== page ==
above, and there is never any room to maneuver. Classes are sullen and
largely silent. The only excitement is from bored students letting of
stream in the halls or the playground. Morale is poor. Kids come late if
at all. Teachers take sick days so often that marginally qualified
temporary teachers accumulate as many teaching days as regular staff.
Parents seldom bother to visit. And children don't learn. Or, to put it
more accurately, such schools fail to teach. Regrettably, there are far
too many public schools failing to teach across American today."
185.2 "The problem, as I have tried to suggest in previous chapters, is
that too many reformers are [186.1] trying to change schools from above,
instead of creating new incentives for change from within. Simply put, the
things the educational bureaucracy can control generally make no difference
in the quality of a school." +
186.2 * "The kind of choice plan that evolved in District Four, in
contrast, affords school professionals freedom--the freedom to design
innovative and distinctive educational programs and to give parents and
students the right to select their public schools. And, under these
conditions, choice acts as a catalyst for change and makes for dramatic
improvement in the quality of education provided by rich and poor school
192.3 "Centralized educational bureaucracy reigns supreme, its own
paramount concern being self-perpetuation while allowing little or no
autonomy to its employees down the line. During the past twenty years the
control of our country's schools has moved ever more in the direction of
district offices, states, and the federal government. Schools have become
not so much institutions of learning as agents of disaffection, and
teachers and students alike have come to feel an increasing psychic
estrangement from them. The principal does not choose his school. He is
assigned. The principal does not choose his teachers. they, too, are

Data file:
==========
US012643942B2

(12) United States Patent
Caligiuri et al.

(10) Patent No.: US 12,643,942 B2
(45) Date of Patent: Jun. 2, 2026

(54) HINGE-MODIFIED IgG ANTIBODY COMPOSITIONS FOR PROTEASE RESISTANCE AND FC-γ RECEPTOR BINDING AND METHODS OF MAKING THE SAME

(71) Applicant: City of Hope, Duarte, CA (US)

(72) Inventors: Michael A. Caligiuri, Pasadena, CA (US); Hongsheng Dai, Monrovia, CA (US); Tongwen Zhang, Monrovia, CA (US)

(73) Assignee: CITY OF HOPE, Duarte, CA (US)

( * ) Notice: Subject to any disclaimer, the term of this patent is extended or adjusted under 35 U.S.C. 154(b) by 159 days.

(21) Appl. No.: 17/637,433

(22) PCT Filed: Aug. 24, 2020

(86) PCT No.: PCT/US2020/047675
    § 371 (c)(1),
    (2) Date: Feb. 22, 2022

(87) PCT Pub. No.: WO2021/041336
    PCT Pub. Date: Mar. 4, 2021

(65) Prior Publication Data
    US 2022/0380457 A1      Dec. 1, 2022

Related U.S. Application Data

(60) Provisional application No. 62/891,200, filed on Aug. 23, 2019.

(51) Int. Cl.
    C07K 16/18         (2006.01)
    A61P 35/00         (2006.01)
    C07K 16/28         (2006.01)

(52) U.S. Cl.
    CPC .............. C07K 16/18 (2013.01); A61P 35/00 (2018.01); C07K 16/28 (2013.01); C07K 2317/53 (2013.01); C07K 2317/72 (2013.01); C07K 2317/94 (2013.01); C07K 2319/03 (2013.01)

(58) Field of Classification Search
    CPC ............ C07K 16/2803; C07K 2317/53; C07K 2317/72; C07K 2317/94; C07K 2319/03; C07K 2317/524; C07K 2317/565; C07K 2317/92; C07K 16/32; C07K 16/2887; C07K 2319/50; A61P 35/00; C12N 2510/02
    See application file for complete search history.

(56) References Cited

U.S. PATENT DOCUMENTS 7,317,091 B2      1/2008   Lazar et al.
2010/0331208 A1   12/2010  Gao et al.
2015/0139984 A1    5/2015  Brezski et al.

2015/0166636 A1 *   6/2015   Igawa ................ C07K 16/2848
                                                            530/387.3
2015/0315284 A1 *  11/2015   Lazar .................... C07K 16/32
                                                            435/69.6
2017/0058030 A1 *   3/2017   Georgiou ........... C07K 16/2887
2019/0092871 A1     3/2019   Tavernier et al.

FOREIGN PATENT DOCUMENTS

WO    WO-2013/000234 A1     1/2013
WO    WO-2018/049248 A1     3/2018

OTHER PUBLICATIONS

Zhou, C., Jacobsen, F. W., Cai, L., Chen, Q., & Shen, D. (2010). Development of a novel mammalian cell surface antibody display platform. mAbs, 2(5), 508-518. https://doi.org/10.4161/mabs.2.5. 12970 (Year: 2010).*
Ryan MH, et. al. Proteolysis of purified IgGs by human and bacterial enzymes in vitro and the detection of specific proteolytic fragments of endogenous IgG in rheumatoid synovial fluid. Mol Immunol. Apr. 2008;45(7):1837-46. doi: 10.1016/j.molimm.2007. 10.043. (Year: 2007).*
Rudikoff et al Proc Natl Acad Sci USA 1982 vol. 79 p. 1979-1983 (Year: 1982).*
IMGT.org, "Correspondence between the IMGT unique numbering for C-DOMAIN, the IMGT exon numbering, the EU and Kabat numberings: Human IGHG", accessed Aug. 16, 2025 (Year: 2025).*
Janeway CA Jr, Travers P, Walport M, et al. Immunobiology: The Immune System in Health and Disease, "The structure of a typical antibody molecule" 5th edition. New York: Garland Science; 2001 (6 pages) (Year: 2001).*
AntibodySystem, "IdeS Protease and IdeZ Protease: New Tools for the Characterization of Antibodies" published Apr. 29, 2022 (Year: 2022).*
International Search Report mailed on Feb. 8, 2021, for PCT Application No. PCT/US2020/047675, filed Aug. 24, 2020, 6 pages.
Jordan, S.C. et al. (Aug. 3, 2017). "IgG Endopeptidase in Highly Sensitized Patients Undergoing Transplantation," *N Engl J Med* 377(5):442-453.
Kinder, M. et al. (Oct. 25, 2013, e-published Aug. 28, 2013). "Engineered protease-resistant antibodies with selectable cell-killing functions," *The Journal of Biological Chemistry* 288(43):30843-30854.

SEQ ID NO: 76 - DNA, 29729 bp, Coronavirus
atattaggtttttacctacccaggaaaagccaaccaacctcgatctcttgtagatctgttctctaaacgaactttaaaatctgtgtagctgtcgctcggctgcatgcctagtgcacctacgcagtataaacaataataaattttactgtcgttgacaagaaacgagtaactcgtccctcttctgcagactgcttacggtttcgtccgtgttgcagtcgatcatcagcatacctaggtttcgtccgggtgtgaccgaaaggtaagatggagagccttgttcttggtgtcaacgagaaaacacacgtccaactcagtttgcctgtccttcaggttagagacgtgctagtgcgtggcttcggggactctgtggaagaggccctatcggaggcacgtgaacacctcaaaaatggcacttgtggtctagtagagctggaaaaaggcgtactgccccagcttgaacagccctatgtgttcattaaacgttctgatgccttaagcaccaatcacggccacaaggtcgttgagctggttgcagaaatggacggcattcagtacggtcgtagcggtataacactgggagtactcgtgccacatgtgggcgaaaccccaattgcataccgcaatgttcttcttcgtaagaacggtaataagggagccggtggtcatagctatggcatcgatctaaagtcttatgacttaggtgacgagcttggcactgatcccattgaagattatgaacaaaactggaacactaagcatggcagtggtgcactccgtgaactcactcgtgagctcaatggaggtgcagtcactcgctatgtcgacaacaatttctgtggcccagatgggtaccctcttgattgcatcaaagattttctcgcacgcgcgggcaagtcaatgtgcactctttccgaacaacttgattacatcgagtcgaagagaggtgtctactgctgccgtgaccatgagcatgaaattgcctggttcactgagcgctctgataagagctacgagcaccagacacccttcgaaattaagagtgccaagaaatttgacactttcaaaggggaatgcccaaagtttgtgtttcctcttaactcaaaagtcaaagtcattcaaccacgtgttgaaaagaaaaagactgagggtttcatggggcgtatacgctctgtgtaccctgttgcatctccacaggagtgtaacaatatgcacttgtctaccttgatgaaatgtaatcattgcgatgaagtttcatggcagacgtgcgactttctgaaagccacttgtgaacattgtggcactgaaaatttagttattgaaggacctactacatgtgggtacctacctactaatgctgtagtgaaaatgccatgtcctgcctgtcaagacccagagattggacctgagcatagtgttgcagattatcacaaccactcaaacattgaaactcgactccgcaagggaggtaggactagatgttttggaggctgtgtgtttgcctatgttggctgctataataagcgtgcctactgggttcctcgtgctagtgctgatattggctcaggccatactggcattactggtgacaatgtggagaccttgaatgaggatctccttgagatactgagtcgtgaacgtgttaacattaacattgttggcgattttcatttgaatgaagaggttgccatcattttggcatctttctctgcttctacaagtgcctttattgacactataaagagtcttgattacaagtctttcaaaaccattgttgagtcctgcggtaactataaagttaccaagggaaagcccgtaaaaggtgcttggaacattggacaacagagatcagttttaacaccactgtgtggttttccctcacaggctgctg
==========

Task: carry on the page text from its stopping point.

assigned to him. Nor do the teachers choose their principal or even their
school. Neither the school nor the principal choose the organizing theme
of the school, or the curriculum, or even the textbooks. Finally, neither
the parents nor the children choose their own schools. They are assigned,
on the utterly arbitrary basis of where they happen to live. And no matter
how unsuccessful such a school is, new studetns are assigned to it each
192.4 "Parents in general fell that they have little to say about the
education of their children. Our social problems, particularly in the
cities, are getting worse rather than better."
203.6 * "Writing and publishing [alternative school] concentrates on the
use of language and "writing with a purpose." The school operates it own
publishing company where students produce books, magazines, and a
newspaper. Colgate contributes personnel to work in the school, and staff
development and technical assistance are provided by the Bank Street of
Education and Columbia University Teachers College."
207.4 ""Once the parents grasp the potential of choice to do good for their
children . . . no one can stand in their way. The parents won't let them."
211.2 * "Public school choice is a catalyst to better education for all,
but it needs other elements with which to work. Good schools need to be
small, they need to be autonomous, they need a clearly defined and
communicated vision, they need parent involvement, they need site-based
management, they need to work like true communities. It's a paradigm of
public education we discovered, [212.1] one that we worked out slowly over
the course of two decades, and it is the right paradigm because it works
for children, for teachers, for parents, and for the community."